Starting from the standard template, render of the scene with POV-Ray, with the light source and sky sphere set up, materials assigned, a floor plane with a parquet texture, and back walls with drywall textures.


Prepare the global settings, radiosity

19. The global settings define ambient light.

global_settings {
    assumed_gamma 1.0
    ambient_light color rgb <1.0,1.0,1.0>
    max_trace_level 20
}

The radiosity property inside the global_settings controls the way POV-Ray computes diffuse light interactions between different objects. It's essential to adjust this property to obtain good rendering results.

Because it can be time consuming to test different radiosity settings you can use a variable Rad_Quality and a #switch statement to quickly set low, medium or high quality render settings. The higher the quality settings the more time is required to render an image.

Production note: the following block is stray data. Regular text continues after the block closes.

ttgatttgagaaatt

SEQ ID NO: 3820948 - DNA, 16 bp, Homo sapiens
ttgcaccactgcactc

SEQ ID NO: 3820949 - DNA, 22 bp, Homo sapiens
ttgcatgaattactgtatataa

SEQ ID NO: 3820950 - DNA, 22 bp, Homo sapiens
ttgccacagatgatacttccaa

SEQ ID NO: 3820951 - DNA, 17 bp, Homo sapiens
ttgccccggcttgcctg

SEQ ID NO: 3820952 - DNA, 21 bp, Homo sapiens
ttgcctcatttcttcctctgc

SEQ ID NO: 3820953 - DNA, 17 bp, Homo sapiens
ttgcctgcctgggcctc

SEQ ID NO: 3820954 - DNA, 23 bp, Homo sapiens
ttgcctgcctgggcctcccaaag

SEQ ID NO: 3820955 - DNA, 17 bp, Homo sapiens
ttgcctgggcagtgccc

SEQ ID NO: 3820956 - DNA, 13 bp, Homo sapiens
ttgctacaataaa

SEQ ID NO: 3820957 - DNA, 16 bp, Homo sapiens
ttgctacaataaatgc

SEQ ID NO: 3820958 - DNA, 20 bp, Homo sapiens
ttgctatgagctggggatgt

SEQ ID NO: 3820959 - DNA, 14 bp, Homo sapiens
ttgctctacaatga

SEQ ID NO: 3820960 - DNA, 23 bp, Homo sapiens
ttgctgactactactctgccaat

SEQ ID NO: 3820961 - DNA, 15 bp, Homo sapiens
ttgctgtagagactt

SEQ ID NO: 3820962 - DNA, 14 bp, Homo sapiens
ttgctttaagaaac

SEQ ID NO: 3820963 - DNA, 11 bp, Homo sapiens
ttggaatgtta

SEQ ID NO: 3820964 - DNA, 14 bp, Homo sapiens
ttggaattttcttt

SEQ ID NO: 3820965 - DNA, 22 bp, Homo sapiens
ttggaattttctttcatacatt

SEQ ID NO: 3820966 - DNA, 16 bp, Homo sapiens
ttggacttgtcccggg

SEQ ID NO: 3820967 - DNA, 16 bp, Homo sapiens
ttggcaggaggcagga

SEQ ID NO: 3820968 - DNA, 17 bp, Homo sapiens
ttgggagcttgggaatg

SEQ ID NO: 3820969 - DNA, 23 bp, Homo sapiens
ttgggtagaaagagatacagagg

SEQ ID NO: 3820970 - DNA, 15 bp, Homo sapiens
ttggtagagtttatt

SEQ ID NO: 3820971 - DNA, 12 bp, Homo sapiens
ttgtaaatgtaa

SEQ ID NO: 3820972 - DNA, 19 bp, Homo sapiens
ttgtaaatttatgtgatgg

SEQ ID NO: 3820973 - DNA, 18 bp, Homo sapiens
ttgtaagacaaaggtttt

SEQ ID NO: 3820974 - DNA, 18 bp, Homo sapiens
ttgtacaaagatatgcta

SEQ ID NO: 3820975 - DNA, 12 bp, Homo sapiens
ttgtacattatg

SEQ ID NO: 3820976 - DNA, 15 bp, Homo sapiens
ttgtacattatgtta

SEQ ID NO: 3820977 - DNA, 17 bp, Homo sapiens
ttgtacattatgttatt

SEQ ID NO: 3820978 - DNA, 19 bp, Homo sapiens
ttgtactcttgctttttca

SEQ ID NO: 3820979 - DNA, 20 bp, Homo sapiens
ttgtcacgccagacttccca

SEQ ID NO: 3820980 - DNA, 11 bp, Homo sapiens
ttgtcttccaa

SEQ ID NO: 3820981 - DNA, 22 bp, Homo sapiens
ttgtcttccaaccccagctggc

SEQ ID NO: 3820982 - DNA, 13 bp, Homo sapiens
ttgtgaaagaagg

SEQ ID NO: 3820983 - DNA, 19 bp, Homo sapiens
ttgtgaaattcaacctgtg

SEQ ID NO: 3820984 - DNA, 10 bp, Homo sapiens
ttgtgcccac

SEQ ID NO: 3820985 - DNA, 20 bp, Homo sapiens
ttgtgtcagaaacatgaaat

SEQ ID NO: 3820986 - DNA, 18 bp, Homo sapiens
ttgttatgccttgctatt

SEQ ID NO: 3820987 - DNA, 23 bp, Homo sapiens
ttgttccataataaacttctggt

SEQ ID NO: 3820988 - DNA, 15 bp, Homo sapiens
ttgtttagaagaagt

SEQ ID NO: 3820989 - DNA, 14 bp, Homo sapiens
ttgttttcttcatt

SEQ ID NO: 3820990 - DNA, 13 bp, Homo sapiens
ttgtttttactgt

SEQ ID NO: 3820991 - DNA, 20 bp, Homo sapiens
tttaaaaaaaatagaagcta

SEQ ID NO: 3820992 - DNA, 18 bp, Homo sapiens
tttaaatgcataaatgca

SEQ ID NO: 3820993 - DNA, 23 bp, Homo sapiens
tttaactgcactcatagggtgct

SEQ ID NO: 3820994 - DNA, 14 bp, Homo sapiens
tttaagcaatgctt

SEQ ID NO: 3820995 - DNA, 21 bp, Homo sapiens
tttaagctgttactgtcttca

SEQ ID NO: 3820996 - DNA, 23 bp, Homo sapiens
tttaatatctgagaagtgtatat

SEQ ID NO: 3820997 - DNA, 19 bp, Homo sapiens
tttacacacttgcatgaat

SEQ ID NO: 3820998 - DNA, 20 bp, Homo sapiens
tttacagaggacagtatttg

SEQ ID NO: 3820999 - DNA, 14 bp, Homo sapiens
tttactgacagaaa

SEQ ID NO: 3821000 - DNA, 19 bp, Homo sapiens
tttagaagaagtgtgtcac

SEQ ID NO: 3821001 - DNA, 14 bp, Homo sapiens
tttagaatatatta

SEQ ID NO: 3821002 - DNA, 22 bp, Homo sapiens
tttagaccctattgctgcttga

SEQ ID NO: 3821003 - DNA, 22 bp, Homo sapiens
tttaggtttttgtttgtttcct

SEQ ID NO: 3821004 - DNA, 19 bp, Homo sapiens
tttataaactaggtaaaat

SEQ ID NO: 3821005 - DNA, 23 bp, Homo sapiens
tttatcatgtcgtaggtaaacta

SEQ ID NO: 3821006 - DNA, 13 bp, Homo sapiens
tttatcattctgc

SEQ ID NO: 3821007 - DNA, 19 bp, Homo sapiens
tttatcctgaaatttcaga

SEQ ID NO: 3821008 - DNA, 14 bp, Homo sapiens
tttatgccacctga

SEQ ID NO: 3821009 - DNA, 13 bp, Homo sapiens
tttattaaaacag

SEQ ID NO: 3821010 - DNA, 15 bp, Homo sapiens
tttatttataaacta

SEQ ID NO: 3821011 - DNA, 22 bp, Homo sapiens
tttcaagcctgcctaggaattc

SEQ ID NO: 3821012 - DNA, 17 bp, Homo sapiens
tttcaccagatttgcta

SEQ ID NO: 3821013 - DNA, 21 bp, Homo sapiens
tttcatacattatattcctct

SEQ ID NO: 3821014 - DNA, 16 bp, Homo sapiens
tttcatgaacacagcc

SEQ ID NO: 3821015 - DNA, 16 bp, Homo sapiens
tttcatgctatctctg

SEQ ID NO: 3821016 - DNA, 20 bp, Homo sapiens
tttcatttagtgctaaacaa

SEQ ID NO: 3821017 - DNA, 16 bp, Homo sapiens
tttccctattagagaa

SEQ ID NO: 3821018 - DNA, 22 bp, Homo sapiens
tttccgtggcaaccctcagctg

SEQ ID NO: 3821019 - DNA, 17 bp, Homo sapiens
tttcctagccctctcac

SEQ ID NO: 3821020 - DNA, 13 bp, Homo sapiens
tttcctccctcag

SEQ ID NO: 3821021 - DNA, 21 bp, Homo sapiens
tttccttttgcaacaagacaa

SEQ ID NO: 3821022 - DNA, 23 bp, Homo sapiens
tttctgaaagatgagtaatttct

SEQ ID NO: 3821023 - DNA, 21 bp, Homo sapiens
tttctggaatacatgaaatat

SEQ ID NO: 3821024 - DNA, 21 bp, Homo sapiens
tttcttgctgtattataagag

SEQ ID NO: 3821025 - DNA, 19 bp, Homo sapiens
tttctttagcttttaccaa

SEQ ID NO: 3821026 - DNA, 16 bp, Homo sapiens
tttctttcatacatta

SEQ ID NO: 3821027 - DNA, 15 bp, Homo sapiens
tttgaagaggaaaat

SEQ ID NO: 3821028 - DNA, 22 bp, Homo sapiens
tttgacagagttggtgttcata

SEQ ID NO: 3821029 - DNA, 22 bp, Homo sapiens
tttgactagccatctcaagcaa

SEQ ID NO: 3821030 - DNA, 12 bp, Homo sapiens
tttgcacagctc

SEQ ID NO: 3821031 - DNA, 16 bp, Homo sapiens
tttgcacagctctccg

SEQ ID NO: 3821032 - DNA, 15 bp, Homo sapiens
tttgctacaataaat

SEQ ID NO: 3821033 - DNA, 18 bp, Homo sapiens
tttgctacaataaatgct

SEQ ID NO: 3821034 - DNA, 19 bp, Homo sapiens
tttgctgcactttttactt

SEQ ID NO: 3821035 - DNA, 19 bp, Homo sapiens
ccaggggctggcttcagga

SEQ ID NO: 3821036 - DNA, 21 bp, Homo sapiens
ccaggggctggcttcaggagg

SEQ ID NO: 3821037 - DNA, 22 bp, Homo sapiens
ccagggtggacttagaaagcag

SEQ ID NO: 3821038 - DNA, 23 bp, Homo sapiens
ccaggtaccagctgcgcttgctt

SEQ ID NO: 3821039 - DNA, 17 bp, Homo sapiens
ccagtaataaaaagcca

#declare Rad_Quality = 1;

global_settings {
    assumed_gamma 1.0
    ambient_light color rgb <1.0,1.0,1.0>
    max_trace_level 20

#switch (Rad_Quality)
 #case (1)
    radiosity { // Settings 1 (fast)
        pretrace_start 0.08
        pretrace_end   0.02
        count 50
        error_bound 0.5
        recursion_limit 1
    }
    #break
 #case (2)
    radiosity { // Settings 2 (medium quality)
        pretrace_start 0.08
        pretrace_end   0.01
        count 120
        error_bound 0.25
        recursion_limit 1
    }
    #break
 #case (3)
    radiosity { // Settings 3 (high quality)
        pretrace_start 0.08
        pretrace_end   0.005
        count 400
        error_bound 0.1
        recursion_limit 2
    }
    #break
#end
}
11 T04 FreeCAD POVray render floor wood walls radiosity 1.png

Starting from the standard template, render of the scene with POV-Ray, with the light source and sky sphere set up, materials assigned, a floor plane with a parquet texture, and back walls with drywall textures. Radiosity settings for fast rendering.


20. The rad_def.inc library defines a macro to quickly set up the radiosity to a predefined configuration.